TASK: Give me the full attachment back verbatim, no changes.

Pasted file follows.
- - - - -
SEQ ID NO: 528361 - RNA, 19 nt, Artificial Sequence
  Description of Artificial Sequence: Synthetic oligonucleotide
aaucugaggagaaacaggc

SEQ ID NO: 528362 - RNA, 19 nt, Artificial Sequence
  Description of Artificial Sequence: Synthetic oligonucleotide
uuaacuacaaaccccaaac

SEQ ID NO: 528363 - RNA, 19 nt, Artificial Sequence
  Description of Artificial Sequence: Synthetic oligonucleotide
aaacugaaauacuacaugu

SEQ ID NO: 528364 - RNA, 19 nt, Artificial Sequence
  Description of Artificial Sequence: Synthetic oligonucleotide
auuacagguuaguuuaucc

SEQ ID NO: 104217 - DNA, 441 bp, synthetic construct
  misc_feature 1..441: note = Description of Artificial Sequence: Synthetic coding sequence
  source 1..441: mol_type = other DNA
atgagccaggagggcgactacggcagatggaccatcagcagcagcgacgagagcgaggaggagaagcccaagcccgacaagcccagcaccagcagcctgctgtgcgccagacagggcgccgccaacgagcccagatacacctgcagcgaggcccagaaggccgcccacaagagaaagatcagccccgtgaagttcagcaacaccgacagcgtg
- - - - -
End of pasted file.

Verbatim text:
SEQ ID NO: 528361 - RNA, 19 nt, Artificial Sequence
  Description of Artificial Sequence: Synthetic oligonucleotide
aaucugaggagaaacaggc

SEQ ID NO: 528362 - RNA, 19 nt, Artificial Sequence
  Description of Artificial Sequence: Synthetic oligonucleotide
uuaacuacaaaccccaaac

SEQ ID NO: 528363 - RNA, 19 nt, Artificial Sequence
  Description of Artificial Sequence: Synthetic oligonucleotide
aaacugaaauacuacaugu

SEQ ID NO: 528364 - RNA, 19 nt, Artificial Sequence
  Description of Artificial Sequence: Synthetic oligonucleotide
auuacagguuaguuuaucc

SEQ ID NO: 104217 - DNA, 441 bp, synthetic construct
  misc_feature 1..441: note = Description of Artificial Sequence: Synthetic coding sequence
  source 1..441: mol_type = other DNA
atgagccaggagggcgactacggcagatggaccatcagcagcagcgacgagagcgaggaggagaagcccaagcccgacaagcccagcaccagcagcctgctgtgcgccagacagggcgccgccaacgagcccagatacacctgcagcgaggcccagaaggccgcccacaagagaaagatcagccccgtgaagttcagcaacaccgacagcgtg